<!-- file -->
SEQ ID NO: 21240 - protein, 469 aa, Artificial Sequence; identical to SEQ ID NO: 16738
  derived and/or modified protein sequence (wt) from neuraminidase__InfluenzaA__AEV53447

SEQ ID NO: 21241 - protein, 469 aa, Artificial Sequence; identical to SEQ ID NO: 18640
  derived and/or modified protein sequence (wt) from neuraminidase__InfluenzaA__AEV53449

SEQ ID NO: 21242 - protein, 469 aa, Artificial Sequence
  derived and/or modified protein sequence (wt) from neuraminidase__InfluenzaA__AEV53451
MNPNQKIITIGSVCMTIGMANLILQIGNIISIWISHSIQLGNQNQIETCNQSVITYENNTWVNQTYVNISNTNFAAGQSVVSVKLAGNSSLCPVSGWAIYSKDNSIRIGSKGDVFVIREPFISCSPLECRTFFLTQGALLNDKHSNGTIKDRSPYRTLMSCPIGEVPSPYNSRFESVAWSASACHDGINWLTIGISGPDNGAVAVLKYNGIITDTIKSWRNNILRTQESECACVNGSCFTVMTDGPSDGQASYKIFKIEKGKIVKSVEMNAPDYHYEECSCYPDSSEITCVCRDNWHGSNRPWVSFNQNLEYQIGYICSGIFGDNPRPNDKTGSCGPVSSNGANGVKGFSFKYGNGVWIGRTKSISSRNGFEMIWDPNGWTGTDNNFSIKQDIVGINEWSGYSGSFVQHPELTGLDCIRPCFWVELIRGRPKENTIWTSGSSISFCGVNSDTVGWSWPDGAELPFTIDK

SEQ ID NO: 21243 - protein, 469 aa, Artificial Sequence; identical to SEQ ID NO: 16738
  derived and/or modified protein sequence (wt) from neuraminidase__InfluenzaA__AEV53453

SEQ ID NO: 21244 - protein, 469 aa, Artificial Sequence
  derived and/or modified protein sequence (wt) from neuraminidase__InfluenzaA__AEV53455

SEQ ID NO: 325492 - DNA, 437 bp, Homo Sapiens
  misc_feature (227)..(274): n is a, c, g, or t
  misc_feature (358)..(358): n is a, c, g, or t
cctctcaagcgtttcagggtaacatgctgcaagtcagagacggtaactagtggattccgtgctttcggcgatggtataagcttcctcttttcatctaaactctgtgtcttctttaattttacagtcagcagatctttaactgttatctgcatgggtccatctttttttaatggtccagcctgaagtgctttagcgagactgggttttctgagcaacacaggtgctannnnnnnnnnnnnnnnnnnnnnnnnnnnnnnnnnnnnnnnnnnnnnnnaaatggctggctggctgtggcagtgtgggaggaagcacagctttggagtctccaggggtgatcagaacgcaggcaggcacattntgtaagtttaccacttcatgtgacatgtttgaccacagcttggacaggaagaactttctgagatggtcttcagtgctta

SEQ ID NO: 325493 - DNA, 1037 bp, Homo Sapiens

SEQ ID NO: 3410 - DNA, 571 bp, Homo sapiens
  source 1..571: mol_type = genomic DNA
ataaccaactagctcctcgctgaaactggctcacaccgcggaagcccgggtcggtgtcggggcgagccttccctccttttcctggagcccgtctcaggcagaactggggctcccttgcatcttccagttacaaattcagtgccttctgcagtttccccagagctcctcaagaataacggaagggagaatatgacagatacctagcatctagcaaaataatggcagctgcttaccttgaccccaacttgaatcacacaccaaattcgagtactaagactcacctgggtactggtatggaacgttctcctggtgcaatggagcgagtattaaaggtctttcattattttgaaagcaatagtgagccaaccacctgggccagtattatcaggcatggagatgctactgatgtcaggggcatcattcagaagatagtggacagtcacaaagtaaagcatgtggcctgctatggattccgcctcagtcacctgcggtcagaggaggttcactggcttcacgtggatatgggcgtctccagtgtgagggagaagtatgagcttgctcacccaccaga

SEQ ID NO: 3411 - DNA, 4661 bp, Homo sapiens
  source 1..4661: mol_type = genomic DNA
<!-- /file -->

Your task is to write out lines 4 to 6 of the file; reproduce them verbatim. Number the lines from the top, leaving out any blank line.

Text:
  derived and/or modified protein sequence (wt) from neuraminidase__InfluenzaA__AEV53449

SEQ ID NO: 21242 - protein, 469 aa, Artificial Sequence
  derived and/or modified protein sequence (wt) from neuraminidase__InfluenzaA__AEV53451